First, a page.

Muslim Voters Could Swing Election, Report Finds
Religion TodayReligious persecution, missions, Christianity around the world
- 2012 Apr 06
April 6, 2012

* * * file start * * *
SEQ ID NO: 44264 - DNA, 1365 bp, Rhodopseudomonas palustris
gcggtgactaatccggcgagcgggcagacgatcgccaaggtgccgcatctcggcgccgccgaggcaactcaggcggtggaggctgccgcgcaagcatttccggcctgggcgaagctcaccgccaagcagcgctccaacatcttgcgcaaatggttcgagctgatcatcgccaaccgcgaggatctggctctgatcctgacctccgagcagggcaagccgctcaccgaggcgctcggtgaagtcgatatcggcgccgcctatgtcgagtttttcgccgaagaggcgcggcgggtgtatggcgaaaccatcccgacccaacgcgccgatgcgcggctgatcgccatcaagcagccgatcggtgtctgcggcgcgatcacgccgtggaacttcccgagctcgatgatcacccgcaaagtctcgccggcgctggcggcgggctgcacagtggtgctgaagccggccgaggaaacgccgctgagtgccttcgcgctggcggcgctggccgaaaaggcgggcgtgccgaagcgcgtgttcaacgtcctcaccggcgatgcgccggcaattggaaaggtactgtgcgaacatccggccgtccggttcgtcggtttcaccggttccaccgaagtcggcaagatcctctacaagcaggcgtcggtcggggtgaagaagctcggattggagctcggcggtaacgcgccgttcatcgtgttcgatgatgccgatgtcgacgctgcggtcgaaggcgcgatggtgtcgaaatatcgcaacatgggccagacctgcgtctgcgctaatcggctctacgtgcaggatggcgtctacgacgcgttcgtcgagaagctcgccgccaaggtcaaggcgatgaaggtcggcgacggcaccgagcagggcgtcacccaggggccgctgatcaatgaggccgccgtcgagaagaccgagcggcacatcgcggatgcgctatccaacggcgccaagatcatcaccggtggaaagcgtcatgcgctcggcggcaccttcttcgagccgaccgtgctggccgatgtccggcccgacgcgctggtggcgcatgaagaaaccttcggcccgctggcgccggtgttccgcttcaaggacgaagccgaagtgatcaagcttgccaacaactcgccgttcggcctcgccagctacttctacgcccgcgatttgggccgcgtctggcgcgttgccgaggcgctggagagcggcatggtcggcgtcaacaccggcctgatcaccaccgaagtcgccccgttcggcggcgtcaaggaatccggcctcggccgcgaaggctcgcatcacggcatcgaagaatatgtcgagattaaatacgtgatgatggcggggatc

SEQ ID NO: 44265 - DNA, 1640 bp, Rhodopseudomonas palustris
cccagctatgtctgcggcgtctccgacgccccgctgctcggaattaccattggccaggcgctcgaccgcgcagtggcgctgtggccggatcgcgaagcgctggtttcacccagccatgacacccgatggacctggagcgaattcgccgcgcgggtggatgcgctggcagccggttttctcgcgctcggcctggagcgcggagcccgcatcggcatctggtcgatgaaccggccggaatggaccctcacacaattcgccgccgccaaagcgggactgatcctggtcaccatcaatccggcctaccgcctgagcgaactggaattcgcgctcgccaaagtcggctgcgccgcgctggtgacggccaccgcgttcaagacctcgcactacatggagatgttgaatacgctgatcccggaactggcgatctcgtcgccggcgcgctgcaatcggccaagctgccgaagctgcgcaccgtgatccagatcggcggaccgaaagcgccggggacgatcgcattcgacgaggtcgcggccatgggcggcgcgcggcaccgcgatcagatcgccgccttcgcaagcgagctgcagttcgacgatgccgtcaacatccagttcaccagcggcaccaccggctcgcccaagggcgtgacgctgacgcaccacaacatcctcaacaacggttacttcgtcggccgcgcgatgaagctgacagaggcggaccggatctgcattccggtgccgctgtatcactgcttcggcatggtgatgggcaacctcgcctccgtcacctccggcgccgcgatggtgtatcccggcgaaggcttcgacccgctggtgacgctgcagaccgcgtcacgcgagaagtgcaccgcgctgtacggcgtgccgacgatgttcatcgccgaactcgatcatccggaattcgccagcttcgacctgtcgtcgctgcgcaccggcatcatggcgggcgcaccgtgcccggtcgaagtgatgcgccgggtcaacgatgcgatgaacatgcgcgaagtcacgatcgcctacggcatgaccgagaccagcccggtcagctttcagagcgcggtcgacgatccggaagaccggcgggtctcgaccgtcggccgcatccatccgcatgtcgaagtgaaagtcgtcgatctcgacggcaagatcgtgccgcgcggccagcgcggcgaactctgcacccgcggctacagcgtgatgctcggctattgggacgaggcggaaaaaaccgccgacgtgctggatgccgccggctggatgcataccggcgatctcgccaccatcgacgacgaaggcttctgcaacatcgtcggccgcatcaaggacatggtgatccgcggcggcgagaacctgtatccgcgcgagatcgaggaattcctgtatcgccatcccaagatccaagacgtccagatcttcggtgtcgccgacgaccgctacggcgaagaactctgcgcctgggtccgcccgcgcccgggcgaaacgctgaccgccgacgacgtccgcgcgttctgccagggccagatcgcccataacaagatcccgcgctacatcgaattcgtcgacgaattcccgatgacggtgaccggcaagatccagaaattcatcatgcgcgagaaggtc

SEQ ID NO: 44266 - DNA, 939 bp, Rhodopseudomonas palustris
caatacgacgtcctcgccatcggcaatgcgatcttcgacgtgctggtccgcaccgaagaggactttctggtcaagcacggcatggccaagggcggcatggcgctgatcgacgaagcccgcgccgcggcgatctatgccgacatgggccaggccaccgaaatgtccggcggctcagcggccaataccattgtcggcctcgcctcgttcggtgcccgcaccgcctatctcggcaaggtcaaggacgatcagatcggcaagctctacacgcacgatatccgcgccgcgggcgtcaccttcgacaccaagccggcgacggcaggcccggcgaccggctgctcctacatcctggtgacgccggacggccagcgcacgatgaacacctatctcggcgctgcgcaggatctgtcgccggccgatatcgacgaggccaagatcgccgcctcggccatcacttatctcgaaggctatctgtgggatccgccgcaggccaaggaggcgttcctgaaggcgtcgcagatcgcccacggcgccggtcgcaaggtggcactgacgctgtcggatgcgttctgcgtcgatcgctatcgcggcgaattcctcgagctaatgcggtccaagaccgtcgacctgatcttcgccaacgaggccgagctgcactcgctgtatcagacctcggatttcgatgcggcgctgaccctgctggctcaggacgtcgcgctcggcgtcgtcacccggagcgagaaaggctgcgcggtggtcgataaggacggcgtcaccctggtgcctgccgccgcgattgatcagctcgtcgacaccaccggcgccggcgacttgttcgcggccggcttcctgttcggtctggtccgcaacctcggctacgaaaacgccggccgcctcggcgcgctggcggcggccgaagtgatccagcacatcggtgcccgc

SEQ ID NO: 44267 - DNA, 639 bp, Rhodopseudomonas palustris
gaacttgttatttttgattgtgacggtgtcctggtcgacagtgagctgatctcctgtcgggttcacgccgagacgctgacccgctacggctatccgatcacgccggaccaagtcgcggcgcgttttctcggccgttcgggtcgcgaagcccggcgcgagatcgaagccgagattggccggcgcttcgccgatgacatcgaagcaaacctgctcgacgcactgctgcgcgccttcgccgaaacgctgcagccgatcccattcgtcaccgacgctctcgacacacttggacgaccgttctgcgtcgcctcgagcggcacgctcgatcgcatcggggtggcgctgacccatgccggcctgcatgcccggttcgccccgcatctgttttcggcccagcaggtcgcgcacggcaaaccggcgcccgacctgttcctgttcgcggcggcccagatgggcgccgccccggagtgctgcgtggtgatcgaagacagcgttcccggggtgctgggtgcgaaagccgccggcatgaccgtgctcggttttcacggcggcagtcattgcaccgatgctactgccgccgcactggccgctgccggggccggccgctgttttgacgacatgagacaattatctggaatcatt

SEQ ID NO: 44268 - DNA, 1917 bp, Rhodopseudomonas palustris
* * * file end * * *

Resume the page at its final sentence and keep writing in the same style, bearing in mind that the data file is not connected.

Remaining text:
Although Muslims represent less than one in every 100 Americans, a new study shows their votes could sway the results of this year's presidential election, CNN reports. There are about 1.2 million registered Muslim voters in the United States, mostly concentrated in a number of key swing states, says Farid Senzai, the author of the study. Florida and Ohio -- two states that have been decided by tiny margins in recent years -- have enough Muslim voters to make a difference in the final result, and the next-largest Muslim populations are found in Pennsylvania, Michigan and Virginia, all of which could also be key battleground states between President Obama and his Republican opponent. In Florida in 2000, Bush won by 537 votes -- while one get-out-the-vote phone bank contacted 23,000 Muslims in one day alone during elections in 2008 and 2010. Nauman Abbasi of Emerge USA, which ran the phone bank, said efforts like his were effective in increasing Muslim voter turnout. More religious Muslims and those more involved in their mosques are the most likely to vote, the study found. Most Muslims voted for Bush in 2000, Democratic Sen. John Kerry in 2004 and Obama in 2008, and they are more likely than the population as a whole to approve of Obama's performance now.